Deals with the history of shipping in the Mediterranean area. The collection contains old maps, models of ancient ships, navigation equipment and bits and pieces of sunken ships.
This may sound a bit bland but it's actually quite fascinating and worth a visit. The museum deals with the successes and failures of the Zionists' illegal attempts to infiltrate into British-blockaded Palestine in the 1930s and '40s. The centrepiece of the museum (quite literally - the building has been constructed around it) is a boat, the Af-Al-Pi-Chen (Hebrew: Nevertheless), whose hold carried 434 refugees to Palestine in 1947.
Rides between Bat-Galim Promenade and Stella Maris. The ride offer spectacular views of the city, beach, port and Haifa bay.
Elijah is considered a prophet in Judaism, Christianity, and Islam. The Carmelites have a tradition that they were founded by Elijah at this time. According to tradition, Elijah lived in a cave on Mt. Carmel during the reign of King Ahab. The site itself may disappoint many tourists as it's a very simple site. One enjoyable and scenic option for good walkers is to walk down to the cave from Stella Maris (monastery) at the top of Mt. Carmel.
A French Carmelite church, monastery and hospice. This is the founding place of the Carmelite Order, a religious order of the Roman Catholic Church. The present monastery and church, built over what the Carmelites believe to be a cave where Elijah lived, dates from 1836 after the previous buildings were destroyed in 1821 by Abdullah, pasha of Akko. It's worth visiting the church to view the beautiful painted ceiling which portrays Elijah and the famous chariot of fire (in which he ascended to heaven), King David with his harp, the saints of the order, the prophets Isaiah, Ezekiel and David, and the Holy Family with the four evangelists below. A small adjoining museum contains ruins of former cloisters dating from Byzantine and Crusader times.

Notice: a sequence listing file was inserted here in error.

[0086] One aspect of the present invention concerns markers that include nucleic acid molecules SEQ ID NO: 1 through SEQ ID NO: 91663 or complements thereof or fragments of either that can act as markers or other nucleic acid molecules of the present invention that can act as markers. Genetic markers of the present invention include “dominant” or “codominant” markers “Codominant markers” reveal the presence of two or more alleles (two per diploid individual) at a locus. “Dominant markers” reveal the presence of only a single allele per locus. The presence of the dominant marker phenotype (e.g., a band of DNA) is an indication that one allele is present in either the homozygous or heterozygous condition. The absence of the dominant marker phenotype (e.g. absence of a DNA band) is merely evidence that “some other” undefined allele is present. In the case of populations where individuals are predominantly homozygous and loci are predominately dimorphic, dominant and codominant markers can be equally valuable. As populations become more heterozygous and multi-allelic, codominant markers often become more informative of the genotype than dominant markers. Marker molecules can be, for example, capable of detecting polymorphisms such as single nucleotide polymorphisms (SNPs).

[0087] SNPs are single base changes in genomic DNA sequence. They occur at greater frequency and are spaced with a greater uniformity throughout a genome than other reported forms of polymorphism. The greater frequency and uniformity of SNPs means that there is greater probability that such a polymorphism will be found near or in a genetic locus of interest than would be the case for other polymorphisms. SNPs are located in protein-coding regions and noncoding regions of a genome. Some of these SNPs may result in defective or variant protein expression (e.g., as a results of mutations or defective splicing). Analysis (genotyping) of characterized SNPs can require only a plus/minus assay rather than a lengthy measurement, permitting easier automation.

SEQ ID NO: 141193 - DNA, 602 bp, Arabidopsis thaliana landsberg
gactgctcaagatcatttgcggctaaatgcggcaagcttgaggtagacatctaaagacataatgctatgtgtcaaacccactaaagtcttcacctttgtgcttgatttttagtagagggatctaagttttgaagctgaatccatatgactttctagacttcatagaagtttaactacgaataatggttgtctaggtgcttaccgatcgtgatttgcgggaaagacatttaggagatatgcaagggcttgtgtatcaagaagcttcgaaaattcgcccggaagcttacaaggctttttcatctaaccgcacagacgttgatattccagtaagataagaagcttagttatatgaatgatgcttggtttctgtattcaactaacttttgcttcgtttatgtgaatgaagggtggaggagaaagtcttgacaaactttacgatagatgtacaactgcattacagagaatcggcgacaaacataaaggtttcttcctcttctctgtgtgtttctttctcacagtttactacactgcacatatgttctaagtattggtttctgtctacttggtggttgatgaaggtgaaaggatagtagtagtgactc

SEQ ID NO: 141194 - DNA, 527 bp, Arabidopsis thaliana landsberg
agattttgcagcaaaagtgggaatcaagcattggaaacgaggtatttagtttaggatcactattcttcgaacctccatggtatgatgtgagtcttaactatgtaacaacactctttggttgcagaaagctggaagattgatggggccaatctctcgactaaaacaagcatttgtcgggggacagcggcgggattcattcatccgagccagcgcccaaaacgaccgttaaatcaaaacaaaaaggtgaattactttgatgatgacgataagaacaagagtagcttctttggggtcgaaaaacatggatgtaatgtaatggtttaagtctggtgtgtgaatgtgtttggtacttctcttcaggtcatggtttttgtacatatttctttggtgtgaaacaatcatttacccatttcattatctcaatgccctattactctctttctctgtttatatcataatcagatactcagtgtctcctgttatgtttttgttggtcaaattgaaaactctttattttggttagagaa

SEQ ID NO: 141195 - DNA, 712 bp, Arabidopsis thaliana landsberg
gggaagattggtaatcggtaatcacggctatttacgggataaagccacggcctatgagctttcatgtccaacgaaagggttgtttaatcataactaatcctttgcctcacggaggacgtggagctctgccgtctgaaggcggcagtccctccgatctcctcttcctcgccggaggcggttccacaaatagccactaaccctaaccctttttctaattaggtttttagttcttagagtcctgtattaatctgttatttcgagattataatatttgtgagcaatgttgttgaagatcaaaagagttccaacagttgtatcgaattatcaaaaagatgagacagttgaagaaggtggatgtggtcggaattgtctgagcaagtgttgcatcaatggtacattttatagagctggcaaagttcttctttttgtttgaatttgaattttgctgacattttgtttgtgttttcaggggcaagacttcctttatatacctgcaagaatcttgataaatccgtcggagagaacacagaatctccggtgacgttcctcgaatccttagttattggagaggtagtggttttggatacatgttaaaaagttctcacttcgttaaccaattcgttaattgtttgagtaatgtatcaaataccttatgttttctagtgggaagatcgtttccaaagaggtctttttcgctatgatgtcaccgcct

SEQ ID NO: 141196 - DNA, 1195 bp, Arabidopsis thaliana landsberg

houses a fine collection of archaeological artefacts relating to Jewish history before the Diaspora. There is plenty of ancient pottery, weapons and even a pair of 2100-year-old petite-sized sandals. The museum highlight is a 5th-century-BC Greek ship found near Caesarea in 1984. It has been carefully rebuilt and placed in a specially designed annex of the museum. An art wing upstairs contains sections on French Impressionist and Jewish art from the 19th and 20th centuries. Among the works are paintings by Monet, Pissaro and Van Gogh.
An important coastal city from the 15th century BCE until the Byzantine period; some of the ruins can be observed now.
A German Templer town from the 19th century with beautiful houses from its former settlers. Though, it has not much in common with Bethlehem itself. The scenic/interesting road is the upper one running through town.
Beth Shearim was a Jewish town and necropolis in ancient times. Most of the remains date from the 2nd to 4th century CE. Among those buried in the caves are such famous figures as Rabbi Yehuda Hanasi, author of the Mishna, the text to which the Talmud is a commentary. You can explore several burial caves with intricately carved sarcophagi and wall decorations.
archaeological site and national park in Israel
An archaeological site famous for its well-preserved mosaics from the Roman period. It was once the biggest city in the region.